May 21, 2011

Back to the Future: BYU Wins 4th MCLA Crown

by Jac Coyne | | Twitter

The offense came alive for Brigham Young after falling behind early in the MCLA Division I championship game, but Jacob Houghton (above) and the Cougars defense should be credited for holding the dangerous Arizona State offense to just eight goals. The combined effort gave BYU its fourth MCLA title, tying it with RMLC rival Colorado State for the most all-time.
© Cecil Copeland

With Michigan out of the picture thanks to a gritty Arizona State defensive effort in the semifinals, it appeared the MCLA was primed to add its seventh different champion in the association's 15 years of existence, and it would come in the form of a Sun Devil.

Then an old friend stopped by to say hello.

Brigham Young, the winner of the first-ever championship and owner of three previous titles, dashed Arizona State's hopes – and the hopes of MCLA fans searching for new blood – with an impressive, 10-8 victory at Dick's Sporting Goods Park in Commerce City, Colo., on Saturday night.

From the outset, it was clear ASU did not have the same level of intensity they had in the Michigan win the night before. Despite the Sun Devils taking an early lead, there were symptoms of a potential hangover effect from the monumental win, and that there was trouble looming.

"BYU is a great team and outplayed us today, but we could feel it wasn't like it was against Chapman and against Michigan," said Arizona State head coach Chris Malone. "Guys were searching for the energy. Sometimes they found it, but it wasn't there for the whole 60 minutes."

Meanwhile, on the other side of the field was a team looking to prove that it was still a perennial contender to be feared.

"We didn't think ASU was looking over us," said BYU attackman Ted Ferrin, who was also a member of the last championship team in 2007 and finished with a game-high three goals. "We think everyone has been looking over us all year. We thought we were good, but I guess nobody else did. I definitely thought we were good. We just wanted to prove that we have the talent we think we have and the way to play together."

The Cougars were put to the test in the first quarter. The start of the game looked eerily similar to the beginning of its semifinal match-up with Colorado State in which the Cougars fell behind 4-1 out of the gate. Arizona State took a 3-1 lead on Saturday night when Ryan Westfall ripped a low skip-shop from 15 yards that beat BYU goalie Wes Goar.

"Our guys had a lot of fight in them tonight," said BYU head coach Matt Schneck. "We were pretty sure they would stick to the game plan as best as they could. Even though we were down by a couple of goals, they stuck to it and good things happened."

"We've struggled all season starting out fast," added Cougar middie Tyler Monteath. "We always talk about starting fast, but we always struggle with it a little bit. But once we get going, it's tough to stop our offense."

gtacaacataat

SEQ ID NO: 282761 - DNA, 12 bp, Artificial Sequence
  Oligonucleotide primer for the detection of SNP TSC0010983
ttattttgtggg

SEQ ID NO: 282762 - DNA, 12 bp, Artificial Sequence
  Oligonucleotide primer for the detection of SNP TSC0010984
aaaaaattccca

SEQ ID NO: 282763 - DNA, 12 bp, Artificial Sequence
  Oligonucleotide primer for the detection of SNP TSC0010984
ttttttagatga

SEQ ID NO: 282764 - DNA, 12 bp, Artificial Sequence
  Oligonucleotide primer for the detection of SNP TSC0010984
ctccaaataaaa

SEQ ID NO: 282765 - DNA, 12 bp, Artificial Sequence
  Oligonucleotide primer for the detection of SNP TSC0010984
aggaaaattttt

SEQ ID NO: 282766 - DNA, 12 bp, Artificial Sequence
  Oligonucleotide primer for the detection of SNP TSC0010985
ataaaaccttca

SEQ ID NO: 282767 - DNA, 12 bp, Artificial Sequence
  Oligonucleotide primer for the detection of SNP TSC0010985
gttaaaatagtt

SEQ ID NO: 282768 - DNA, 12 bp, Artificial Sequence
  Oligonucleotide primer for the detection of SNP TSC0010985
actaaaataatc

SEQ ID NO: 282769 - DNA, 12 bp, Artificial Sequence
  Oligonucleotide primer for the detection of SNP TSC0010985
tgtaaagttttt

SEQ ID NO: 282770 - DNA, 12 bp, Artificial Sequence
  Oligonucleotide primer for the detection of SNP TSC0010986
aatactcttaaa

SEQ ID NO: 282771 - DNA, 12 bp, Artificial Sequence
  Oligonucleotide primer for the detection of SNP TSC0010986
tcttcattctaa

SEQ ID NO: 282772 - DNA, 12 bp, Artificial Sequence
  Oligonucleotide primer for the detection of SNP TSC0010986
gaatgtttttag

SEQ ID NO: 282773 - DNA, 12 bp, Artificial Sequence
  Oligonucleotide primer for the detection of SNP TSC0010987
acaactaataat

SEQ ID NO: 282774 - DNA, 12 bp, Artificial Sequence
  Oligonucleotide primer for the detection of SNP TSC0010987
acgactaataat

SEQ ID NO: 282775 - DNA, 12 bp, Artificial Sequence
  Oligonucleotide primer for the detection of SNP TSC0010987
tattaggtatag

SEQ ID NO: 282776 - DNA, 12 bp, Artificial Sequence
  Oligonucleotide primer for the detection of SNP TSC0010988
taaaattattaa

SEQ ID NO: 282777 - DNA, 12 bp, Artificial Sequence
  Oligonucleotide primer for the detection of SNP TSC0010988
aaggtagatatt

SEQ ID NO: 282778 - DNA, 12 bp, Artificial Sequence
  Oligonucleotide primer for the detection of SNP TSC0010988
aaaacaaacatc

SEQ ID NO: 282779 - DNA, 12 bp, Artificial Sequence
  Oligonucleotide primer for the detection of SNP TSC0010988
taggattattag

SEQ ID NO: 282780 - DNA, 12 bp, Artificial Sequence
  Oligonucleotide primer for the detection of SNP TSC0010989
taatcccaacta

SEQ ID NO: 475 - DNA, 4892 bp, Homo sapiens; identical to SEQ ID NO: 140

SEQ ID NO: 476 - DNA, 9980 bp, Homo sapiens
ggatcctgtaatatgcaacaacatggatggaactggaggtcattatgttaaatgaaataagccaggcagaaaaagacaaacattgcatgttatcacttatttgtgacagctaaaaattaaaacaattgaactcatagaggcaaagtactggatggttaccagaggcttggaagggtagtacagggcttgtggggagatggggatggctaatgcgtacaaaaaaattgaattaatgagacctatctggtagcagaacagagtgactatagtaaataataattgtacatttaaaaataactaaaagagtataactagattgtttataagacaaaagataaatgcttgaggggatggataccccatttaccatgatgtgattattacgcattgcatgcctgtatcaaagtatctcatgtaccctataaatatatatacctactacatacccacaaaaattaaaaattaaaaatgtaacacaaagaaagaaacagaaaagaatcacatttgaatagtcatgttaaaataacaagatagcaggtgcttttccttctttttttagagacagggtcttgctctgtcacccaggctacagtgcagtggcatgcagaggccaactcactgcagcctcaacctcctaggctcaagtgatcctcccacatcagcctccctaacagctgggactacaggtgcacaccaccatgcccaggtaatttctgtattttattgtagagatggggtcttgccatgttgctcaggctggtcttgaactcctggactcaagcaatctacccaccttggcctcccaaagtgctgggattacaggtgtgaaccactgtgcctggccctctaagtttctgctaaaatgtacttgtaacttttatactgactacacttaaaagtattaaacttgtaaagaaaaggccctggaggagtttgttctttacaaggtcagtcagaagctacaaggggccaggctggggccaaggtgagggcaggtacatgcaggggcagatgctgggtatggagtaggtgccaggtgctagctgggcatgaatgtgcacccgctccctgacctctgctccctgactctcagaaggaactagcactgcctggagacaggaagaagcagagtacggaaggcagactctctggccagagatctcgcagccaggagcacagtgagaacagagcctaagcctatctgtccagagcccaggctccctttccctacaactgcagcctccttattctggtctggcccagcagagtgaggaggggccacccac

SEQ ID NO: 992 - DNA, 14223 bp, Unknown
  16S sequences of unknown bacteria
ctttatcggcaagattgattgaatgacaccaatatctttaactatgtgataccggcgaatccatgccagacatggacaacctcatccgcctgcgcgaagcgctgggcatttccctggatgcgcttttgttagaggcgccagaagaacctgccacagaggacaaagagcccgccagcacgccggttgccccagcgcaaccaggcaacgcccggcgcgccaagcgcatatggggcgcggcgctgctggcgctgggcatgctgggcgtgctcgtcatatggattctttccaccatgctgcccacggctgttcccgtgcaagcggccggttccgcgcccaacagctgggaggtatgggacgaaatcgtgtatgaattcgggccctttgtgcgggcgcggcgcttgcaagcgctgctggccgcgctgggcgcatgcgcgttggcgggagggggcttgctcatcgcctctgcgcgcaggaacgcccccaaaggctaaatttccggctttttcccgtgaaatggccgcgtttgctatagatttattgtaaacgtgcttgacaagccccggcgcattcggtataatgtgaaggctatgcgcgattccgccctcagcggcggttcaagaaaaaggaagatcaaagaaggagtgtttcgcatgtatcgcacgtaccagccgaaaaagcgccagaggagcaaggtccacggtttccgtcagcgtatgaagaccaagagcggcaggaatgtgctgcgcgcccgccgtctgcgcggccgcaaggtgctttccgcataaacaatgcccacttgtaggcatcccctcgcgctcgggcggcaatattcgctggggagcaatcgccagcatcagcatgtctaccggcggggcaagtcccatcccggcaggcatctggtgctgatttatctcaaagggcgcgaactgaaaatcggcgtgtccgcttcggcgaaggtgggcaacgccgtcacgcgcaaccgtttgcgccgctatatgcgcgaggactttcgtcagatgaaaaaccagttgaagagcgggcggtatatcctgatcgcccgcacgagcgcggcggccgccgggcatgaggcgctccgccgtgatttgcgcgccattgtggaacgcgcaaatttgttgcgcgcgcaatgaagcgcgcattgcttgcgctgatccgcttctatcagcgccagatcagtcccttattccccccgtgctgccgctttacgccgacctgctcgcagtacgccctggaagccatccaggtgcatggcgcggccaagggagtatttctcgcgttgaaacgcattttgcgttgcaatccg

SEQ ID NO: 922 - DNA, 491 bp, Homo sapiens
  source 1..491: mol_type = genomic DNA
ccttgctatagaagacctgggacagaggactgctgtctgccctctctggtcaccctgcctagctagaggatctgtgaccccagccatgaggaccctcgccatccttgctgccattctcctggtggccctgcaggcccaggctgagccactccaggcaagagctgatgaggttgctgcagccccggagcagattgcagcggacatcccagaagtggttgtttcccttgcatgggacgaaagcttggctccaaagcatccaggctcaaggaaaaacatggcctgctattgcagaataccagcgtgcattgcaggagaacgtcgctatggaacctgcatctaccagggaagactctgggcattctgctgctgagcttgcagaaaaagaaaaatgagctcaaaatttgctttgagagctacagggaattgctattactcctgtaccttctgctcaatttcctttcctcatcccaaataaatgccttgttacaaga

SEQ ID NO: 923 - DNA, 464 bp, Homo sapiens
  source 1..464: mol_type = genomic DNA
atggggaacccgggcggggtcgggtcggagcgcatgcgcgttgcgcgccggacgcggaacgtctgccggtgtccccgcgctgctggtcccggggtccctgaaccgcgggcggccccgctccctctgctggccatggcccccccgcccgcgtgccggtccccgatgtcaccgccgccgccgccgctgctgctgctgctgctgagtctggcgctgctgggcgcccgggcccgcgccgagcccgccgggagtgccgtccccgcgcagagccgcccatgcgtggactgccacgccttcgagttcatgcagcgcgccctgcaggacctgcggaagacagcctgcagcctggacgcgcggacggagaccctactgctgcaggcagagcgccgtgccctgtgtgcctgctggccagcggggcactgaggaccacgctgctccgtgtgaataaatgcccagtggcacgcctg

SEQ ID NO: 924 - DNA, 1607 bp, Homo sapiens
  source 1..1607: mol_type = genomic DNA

Just as it had done against the Rams, the Cougars responded with a four-goal run featuring four different players collecting markers, giving BYU a 5-3 lead with 7:30 left in the first half. Westfall would unleash another rocket that Goar had no chance on 14 seconds later to cut the margin to one. But with 25.9 seconds left in the half, the Cougars would balloon the lead back to two when Dan Cole converted a bounce shot for the 6-4 edge.

After a couple of decent chances by both teams, BYU took its biggest lead midway through the third period when Corey Gunderson slammed home a feed from across the cage by Andrew Harding. Westfall countered by finding Eric Nelson on a pretty cross-field pass on the break, which was easily converted to narrow the gap to 7-5.

Just as they had done in the previous two quarters, the Cougars struck in the final minute. This time it was with 9.3 seconds left when 6-foot-6, 235-pound middie Patrick Matheson bulled his way to the net and managed to trickle a bounce shot past ASU netminder Dylan Westfall, handing the Cougars the 8-5 bulge with just 15 minutes left.

Westfall stifled several good BYU chances at the onset of the fourth quarter before Logan Quinn ended a 10 minute Sun Devil scoring drought by striking from 12 yards off a dish from Payson Clark. The lead dwindled to one with 5:27 left in the game when Nelson drove from behind the cage and beat his defender to the inside and dove in front of the crease while flipping the ball into the net.

The Cougars spent the next three minutes taking a series of shots, most of which sailed wide of the mark. The one that was on cage was blunted by Westfall, but an errant clearing pass by an ASU defender sailed into the Sun Devils bench, giving the ball back to BYU.

"They rode really well and gave themselves extra possessions," said Malone. "You can't give good teams two and three chances to score. That's the bottom line. We threw the ball away going from the defensive end to the offensive end way too much. BYU's a very good team and we put ourselves in a tough position."

"When we watched ASU on film and put in the ride we used tonight, we knew we'd have some success with it," said Schneck. "It worked out really well."

With the clock dipping below two minutes and BYU forced to keep it in, Ferrin shook his defender behind the goal and bolted around the crease to give the Cougars a 9-7 lead that sealed the championship.

For those who see new champions as a sign of the MCLA growth, they can take consolation in the fact that this is a very different BYU team that won the previous three championships. It has a new coach, a different approach and a completely different style.

It may not be that great for future diversity, however.

Michigan is gone, but BYU is back, and the Cougars only graduate three seniors.

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